Undoubtedly, each ruling party since gaining independence has made concerted efforts to strengthen its authority upon winning elections. In contrast to other parties, the ruling Awami League employs tactics to secure their position of power, similar to what the BNP did when they were in government. Nevertheless, a political party must possess the fortitude to combat the dominant party’s tactics. This is the standard operational procedure for governance in all democratic nations. Regrettably, the BNP is unwilling to gain the confidence of the public through the implementation of diverse initiatives. Instead, they depend on external factors to acquire power. Therefore, their reliance on external forces did not prove effective. Conversely, they have experienced a decline in strength.

Now, a crucial inquiry arises as to why the political opposition has seen a significant decline in strength inside the nation. Who should bear the responsibility? The possible answer is the BNP should shoulder the responsibility, as they failed to implement an effective approach at the appropriate moment. Simultaneously, they have been unable to maintain public support.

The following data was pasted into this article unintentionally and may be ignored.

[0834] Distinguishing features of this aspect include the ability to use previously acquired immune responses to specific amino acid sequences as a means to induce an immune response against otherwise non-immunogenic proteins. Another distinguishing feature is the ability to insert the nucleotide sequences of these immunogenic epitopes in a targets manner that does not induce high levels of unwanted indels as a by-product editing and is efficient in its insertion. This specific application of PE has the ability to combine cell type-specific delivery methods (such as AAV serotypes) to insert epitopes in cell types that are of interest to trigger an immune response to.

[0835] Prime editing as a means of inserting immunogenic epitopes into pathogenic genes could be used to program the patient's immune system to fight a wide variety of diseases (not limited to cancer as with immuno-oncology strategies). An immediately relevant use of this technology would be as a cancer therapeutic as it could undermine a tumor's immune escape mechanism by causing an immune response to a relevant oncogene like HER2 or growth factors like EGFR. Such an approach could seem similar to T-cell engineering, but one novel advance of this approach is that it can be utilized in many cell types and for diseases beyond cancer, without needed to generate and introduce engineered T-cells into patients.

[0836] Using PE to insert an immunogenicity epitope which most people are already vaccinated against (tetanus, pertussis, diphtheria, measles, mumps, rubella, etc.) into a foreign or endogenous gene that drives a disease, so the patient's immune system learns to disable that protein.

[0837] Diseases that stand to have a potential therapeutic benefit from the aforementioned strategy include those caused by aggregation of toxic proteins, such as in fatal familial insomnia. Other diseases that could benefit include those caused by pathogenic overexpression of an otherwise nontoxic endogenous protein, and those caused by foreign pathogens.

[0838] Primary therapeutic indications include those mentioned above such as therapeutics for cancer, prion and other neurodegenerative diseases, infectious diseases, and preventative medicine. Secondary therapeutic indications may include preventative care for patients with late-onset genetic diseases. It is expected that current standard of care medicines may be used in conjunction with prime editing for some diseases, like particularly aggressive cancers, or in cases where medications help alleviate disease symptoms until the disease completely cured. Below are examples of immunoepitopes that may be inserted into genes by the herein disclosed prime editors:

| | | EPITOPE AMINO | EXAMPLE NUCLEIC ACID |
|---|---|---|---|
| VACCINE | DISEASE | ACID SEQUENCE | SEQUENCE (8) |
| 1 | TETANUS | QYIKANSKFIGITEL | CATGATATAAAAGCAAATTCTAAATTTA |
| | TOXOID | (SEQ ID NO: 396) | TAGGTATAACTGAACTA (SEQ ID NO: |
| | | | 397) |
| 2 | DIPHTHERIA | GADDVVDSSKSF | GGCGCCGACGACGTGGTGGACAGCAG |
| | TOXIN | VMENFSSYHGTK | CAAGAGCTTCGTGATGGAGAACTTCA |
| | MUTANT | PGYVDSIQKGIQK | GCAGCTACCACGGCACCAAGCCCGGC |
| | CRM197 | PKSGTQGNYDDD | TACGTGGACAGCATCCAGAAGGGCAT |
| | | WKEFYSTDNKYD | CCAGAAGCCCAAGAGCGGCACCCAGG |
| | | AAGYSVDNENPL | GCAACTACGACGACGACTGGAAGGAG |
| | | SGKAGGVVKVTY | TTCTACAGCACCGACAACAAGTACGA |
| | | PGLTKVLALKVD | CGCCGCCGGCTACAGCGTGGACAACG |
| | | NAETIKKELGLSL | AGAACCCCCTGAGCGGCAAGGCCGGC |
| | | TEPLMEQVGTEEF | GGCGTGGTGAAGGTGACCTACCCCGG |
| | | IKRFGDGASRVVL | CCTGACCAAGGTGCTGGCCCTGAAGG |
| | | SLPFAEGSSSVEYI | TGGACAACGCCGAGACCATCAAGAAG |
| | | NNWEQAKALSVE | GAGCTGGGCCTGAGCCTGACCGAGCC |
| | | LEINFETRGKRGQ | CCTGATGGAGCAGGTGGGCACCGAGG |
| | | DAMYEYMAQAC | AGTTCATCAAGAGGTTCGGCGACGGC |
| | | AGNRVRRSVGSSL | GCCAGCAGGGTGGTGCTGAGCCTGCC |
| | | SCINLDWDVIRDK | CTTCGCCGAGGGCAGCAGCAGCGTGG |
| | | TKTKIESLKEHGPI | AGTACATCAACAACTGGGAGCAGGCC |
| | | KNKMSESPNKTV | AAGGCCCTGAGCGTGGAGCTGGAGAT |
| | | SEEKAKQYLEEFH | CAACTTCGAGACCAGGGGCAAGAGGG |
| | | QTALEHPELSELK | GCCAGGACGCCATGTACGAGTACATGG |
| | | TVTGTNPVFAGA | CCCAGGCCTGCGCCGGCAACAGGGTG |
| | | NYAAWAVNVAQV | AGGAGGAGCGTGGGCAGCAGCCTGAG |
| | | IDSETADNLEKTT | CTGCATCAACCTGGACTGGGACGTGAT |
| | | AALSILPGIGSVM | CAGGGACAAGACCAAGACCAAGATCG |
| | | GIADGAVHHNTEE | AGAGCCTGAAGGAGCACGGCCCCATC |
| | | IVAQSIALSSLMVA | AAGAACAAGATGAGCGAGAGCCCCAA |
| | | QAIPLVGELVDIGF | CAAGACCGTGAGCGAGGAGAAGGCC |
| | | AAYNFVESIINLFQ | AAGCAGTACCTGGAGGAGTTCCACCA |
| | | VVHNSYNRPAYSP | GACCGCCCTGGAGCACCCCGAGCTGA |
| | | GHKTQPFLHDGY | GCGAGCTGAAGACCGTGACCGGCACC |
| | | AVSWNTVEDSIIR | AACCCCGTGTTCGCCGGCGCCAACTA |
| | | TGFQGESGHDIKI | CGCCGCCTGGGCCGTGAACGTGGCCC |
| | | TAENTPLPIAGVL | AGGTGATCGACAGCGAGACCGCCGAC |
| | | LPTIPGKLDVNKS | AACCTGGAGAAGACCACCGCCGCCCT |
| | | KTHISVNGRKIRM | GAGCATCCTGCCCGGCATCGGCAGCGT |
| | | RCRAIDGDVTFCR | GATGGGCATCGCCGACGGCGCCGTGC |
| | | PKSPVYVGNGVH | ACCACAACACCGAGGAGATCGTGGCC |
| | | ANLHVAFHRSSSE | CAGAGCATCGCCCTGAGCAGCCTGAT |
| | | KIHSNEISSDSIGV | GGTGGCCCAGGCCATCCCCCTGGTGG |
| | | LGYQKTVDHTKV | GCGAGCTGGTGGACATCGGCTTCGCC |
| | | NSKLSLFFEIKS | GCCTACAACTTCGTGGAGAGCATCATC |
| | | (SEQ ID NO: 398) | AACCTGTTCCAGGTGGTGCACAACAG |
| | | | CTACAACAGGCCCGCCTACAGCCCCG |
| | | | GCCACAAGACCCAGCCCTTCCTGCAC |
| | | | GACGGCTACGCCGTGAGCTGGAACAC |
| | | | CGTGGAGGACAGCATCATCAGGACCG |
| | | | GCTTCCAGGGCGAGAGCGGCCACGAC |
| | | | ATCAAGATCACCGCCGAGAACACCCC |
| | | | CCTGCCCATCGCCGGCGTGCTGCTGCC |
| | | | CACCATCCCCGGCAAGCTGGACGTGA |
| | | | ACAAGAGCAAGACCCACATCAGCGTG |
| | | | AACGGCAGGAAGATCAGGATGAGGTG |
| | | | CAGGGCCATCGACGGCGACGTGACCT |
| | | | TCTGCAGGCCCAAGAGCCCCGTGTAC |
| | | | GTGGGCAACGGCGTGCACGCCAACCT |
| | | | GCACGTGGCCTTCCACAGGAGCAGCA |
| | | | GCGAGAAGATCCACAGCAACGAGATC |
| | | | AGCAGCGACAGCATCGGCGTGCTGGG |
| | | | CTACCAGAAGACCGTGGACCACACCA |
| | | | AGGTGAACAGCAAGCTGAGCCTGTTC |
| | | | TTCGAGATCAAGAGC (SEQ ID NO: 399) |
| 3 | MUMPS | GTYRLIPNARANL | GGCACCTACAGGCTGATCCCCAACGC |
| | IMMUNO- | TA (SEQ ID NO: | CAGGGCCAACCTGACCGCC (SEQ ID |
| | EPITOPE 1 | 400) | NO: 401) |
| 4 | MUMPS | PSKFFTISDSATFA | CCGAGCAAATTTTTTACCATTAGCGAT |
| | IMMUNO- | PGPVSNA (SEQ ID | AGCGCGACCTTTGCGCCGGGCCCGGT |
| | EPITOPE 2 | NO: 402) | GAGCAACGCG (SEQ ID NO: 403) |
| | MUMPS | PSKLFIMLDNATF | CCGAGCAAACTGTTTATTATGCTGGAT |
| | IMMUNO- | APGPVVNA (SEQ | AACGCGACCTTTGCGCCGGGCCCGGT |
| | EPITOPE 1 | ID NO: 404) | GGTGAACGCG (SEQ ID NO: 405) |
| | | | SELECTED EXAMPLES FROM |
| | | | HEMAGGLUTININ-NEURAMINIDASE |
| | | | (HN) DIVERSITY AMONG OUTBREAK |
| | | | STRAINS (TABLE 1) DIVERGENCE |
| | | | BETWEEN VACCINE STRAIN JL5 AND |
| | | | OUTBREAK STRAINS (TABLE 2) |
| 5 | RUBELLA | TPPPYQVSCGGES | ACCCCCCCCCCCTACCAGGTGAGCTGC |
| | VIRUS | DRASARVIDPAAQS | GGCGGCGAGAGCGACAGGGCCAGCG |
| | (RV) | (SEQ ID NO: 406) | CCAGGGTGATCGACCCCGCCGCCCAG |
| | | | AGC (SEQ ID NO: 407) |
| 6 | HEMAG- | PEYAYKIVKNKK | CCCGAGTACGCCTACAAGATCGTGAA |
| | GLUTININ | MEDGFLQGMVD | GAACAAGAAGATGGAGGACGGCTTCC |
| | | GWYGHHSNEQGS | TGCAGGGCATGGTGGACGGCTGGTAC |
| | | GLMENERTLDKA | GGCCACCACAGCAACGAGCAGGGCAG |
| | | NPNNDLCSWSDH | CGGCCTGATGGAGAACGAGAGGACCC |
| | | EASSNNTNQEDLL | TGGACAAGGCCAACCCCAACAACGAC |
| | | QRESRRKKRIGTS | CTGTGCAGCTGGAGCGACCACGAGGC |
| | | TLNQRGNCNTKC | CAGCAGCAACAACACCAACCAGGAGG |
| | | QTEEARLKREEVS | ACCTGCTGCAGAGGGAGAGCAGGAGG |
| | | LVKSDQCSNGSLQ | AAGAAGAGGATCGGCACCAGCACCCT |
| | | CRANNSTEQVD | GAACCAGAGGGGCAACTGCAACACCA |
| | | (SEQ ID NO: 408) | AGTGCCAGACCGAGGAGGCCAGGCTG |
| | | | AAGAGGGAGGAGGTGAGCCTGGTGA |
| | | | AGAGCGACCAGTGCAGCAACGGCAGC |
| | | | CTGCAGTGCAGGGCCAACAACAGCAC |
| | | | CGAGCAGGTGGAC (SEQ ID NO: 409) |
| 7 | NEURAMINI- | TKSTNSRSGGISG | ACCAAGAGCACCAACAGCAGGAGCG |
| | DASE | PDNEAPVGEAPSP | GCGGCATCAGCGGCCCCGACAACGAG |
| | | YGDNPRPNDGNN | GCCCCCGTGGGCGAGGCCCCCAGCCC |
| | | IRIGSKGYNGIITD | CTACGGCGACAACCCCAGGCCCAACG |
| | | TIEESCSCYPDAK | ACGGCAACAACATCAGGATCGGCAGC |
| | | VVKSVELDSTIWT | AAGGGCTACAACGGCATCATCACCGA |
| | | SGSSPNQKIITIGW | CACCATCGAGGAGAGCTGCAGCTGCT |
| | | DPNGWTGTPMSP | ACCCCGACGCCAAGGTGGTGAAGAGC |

Political mobilization is crucial in a democracy when an opposition party seeks to organize protests against the government. Regrettably, the BNP has been unable to garner support from its followers and the general populace through the presentation of several alternative policies. Conversely, the extensive development initiatives implemented by the government have fostered the people’s confidence in them. Therefore, for the BNP to restore its reputation and maintain its position as one of the most influential oppositions in Bangladeshi politics, it must overhaul its strategy and embrace a positive approach in its political endeavors. Otherwise, their survival will be in question.

Dr. Pranab Kumar Panday (Professor in the Department of Public Administration at the University of Rajshahi)